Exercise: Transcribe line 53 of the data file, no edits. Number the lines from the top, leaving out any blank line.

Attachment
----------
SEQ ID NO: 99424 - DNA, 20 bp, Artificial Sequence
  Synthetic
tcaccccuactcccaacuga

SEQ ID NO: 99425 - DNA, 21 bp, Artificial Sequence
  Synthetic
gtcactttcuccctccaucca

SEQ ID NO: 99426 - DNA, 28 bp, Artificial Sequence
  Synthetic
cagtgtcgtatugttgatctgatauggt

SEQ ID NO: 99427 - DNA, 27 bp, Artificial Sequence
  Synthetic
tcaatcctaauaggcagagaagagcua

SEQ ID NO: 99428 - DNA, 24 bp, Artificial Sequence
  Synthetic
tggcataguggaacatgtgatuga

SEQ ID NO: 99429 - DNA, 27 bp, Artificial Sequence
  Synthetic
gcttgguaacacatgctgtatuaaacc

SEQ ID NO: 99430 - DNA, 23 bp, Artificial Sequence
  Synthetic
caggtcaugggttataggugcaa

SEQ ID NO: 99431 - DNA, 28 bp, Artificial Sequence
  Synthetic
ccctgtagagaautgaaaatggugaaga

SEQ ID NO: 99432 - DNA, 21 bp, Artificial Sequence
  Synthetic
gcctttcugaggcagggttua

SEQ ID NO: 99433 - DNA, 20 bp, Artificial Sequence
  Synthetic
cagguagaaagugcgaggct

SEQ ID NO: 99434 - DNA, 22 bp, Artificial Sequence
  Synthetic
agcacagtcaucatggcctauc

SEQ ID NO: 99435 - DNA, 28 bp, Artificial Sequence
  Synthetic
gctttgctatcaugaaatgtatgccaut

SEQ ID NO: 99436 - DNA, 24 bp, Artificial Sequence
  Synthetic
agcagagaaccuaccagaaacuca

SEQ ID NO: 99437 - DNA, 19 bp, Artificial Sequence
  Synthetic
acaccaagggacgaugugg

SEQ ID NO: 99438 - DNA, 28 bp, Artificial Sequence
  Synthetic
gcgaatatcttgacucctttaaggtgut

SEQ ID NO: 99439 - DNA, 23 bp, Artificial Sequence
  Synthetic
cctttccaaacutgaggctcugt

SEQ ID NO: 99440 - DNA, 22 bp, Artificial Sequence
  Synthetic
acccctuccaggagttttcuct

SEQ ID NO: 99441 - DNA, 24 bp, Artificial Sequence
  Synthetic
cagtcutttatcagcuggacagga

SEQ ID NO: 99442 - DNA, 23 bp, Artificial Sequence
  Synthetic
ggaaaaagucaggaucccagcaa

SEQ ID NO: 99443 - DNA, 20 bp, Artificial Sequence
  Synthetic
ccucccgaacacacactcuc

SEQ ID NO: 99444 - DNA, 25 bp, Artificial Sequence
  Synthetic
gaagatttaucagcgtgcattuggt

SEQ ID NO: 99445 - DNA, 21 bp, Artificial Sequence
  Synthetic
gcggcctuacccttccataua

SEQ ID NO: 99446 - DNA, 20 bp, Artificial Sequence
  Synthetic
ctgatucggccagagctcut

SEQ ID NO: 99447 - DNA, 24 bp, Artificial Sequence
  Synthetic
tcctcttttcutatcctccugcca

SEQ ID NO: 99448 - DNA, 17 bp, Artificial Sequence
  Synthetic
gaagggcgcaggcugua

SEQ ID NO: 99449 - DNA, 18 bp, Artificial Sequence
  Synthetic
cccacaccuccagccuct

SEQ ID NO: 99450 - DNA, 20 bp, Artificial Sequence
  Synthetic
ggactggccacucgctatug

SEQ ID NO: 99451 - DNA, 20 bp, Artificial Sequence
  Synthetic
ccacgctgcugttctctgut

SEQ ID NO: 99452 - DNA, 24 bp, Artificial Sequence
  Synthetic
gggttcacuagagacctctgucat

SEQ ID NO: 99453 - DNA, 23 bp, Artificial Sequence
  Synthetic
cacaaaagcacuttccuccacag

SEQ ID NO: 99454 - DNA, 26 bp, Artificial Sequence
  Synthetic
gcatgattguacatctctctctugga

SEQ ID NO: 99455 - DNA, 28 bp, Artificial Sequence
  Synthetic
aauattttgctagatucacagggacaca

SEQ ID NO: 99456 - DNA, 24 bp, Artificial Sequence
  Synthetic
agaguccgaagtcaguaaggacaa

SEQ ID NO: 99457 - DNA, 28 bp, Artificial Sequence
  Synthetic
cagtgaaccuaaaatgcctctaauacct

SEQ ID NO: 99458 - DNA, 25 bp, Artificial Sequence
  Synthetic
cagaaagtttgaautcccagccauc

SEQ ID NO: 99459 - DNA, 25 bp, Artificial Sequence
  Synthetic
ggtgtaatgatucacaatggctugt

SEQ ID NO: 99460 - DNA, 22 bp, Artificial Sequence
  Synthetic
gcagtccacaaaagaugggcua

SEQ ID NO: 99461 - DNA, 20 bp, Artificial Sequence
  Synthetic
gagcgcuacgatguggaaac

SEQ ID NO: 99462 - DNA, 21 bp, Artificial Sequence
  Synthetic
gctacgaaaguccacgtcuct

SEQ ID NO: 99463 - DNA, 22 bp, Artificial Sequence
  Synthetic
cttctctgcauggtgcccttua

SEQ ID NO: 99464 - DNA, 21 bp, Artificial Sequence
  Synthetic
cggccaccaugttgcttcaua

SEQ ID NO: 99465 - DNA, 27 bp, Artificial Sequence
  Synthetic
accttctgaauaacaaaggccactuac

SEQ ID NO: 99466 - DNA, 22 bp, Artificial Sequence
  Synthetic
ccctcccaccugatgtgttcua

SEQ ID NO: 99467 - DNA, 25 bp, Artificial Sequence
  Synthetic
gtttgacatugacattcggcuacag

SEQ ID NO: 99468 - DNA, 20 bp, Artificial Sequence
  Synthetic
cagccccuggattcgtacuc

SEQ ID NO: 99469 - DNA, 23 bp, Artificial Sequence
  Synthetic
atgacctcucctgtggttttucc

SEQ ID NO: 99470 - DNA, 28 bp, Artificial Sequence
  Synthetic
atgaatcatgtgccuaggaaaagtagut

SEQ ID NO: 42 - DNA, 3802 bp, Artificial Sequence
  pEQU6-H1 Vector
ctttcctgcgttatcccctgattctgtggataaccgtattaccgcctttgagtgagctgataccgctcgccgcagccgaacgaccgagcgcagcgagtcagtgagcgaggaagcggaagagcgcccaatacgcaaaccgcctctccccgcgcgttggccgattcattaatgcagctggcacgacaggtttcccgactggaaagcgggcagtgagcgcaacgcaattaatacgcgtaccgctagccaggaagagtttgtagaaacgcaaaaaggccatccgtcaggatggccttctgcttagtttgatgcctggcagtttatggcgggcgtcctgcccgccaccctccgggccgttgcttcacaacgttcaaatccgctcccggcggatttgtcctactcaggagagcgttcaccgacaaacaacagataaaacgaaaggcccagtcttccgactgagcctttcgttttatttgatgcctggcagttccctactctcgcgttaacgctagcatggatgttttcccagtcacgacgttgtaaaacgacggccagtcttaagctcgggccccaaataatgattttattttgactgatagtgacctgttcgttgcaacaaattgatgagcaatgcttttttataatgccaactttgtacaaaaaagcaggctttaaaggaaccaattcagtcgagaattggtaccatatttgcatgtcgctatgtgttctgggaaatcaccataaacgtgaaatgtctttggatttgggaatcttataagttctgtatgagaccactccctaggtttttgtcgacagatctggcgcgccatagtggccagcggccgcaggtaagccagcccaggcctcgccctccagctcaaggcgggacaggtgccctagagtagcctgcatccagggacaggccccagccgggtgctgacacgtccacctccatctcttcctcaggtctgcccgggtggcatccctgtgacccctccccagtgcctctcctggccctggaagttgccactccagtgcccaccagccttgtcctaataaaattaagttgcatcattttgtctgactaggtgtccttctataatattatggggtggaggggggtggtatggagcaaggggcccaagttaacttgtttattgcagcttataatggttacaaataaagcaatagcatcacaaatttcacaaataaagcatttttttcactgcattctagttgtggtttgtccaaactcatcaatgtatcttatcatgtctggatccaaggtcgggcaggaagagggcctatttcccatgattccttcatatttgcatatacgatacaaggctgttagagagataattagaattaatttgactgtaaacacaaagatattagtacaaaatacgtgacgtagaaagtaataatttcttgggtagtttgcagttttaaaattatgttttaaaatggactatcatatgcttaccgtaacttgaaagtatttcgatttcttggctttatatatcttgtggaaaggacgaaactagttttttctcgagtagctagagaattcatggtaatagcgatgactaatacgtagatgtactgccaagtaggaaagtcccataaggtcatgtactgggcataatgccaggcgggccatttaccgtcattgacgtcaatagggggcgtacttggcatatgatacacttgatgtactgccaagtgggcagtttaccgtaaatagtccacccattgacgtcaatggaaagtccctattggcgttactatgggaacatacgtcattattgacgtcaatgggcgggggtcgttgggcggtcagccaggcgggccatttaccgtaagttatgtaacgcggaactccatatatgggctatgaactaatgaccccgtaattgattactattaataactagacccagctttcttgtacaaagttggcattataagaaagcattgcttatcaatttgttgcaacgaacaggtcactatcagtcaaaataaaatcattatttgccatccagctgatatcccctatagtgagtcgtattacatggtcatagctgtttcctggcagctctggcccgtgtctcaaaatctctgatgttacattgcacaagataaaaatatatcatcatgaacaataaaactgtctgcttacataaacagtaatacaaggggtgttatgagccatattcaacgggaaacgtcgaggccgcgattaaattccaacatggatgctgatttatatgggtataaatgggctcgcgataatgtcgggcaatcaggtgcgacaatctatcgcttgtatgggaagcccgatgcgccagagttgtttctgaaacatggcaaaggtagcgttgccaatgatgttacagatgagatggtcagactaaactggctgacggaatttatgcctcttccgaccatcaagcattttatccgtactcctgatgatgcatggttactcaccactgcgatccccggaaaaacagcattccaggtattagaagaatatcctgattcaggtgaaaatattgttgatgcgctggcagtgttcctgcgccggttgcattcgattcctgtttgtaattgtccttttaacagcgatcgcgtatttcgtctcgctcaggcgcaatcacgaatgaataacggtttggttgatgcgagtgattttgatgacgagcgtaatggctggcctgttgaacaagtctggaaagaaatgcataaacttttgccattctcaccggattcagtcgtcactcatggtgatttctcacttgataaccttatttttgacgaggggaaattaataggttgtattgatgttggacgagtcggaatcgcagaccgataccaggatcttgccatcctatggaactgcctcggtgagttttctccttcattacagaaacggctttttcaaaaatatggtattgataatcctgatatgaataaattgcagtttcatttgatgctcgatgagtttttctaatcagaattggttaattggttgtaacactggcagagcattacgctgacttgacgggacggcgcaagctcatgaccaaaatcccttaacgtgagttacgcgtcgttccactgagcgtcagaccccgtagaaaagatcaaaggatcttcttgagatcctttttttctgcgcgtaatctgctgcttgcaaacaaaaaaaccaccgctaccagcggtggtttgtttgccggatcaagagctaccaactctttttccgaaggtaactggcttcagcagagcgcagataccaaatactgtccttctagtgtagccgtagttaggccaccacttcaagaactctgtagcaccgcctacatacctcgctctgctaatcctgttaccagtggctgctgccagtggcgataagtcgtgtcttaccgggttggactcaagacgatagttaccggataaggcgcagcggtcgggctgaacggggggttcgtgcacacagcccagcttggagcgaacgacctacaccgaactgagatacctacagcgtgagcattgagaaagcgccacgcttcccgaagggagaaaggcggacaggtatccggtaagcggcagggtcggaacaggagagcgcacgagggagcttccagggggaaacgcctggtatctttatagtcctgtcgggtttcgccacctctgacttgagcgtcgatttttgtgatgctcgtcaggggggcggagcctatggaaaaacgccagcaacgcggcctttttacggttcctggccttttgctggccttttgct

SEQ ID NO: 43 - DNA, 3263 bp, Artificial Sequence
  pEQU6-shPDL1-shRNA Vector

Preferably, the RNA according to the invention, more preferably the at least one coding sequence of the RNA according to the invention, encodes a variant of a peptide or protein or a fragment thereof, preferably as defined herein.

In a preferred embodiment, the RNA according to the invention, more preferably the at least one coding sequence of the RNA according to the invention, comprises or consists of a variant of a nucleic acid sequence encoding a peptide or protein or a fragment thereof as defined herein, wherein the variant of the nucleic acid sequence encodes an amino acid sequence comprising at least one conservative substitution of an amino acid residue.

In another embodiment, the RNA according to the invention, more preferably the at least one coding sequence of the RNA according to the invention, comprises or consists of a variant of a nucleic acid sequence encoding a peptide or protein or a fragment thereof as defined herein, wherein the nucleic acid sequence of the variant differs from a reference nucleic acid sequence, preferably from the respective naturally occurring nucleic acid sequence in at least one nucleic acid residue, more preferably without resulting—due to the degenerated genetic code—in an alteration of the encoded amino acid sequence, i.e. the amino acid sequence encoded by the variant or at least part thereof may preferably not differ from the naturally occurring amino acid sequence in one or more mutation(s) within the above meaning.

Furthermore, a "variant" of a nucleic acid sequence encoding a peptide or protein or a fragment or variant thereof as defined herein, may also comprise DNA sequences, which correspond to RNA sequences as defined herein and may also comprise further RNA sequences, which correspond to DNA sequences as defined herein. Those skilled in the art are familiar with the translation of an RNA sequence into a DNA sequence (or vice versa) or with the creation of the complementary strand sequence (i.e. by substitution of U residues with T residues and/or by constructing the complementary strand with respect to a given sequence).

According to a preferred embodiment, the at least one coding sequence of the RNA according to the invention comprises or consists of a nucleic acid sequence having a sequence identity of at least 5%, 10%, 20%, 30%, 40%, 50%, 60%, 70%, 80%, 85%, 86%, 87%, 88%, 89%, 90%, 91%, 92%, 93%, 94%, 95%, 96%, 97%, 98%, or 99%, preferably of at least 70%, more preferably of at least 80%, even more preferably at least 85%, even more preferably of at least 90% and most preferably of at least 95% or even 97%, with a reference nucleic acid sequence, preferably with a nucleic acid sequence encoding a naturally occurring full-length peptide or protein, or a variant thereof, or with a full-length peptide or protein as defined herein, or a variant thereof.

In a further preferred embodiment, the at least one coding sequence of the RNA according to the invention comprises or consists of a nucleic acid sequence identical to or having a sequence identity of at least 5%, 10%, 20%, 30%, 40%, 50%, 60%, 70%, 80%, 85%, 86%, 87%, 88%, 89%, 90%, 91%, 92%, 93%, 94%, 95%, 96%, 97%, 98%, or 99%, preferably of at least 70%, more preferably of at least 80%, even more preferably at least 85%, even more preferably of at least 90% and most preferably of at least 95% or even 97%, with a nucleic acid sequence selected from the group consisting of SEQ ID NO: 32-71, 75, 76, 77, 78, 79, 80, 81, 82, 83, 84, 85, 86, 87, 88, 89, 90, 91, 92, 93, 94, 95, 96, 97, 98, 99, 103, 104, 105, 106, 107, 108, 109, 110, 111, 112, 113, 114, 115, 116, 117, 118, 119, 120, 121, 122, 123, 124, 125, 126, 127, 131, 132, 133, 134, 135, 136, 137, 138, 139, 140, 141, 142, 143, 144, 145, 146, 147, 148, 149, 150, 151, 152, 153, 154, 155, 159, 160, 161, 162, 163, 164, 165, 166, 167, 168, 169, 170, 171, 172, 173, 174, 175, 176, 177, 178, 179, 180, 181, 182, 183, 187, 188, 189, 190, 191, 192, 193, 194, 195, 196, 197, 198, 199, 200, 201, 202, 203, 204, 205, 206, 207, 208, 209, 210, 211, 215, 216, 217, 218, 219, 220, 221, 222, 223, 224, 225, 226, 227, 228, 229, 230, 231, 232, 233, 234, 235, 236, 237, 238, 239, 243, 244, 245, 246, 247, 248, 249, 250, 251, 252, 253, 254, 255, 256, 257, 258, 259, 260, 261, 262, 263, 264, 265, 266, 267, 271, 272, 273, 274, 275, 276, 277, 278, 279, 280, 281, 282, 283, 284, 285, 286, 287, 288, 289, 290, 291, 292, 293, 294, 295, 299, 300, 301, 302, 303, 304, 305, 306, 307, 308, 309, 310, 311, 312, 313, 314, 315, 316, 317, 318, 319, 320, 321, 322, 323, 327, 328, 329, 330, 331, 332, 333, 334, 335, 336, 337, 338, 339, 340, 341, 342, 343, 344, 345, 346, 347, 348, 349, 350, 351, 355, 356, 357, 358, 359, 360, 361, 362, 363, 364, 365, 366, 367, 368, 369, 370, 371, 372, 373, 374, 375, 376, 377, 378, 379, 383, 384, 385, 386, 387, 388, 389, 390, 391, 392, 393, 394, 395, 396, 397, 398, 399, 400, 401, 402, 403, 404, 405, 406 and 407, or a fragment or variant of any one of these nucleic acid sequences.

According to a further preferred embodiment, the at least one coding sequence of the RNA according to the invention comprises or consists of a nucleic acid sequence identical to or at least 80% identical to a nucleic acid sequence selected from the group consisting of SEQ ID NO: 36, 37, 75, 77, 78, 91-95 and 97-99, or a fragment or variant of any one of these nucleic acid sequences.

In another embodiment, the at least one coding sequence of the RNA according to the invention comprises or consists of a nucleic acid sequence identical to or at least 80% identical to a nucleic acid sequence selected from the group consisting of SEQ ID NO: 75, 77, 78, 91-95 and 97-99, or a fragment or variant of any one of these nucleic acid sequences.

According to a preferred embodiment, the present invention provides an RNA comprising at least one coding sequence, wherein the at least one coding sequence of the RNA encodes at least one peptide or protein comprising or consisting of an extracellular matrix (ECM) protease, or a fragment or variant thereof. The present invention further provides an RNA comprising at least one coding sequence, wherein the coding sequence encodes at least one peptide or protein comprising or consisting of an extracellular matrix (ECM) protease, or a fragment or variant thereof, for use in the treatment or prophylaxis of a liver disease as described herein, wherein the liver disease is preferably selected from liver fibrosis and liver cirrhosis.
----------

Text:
  Synthetic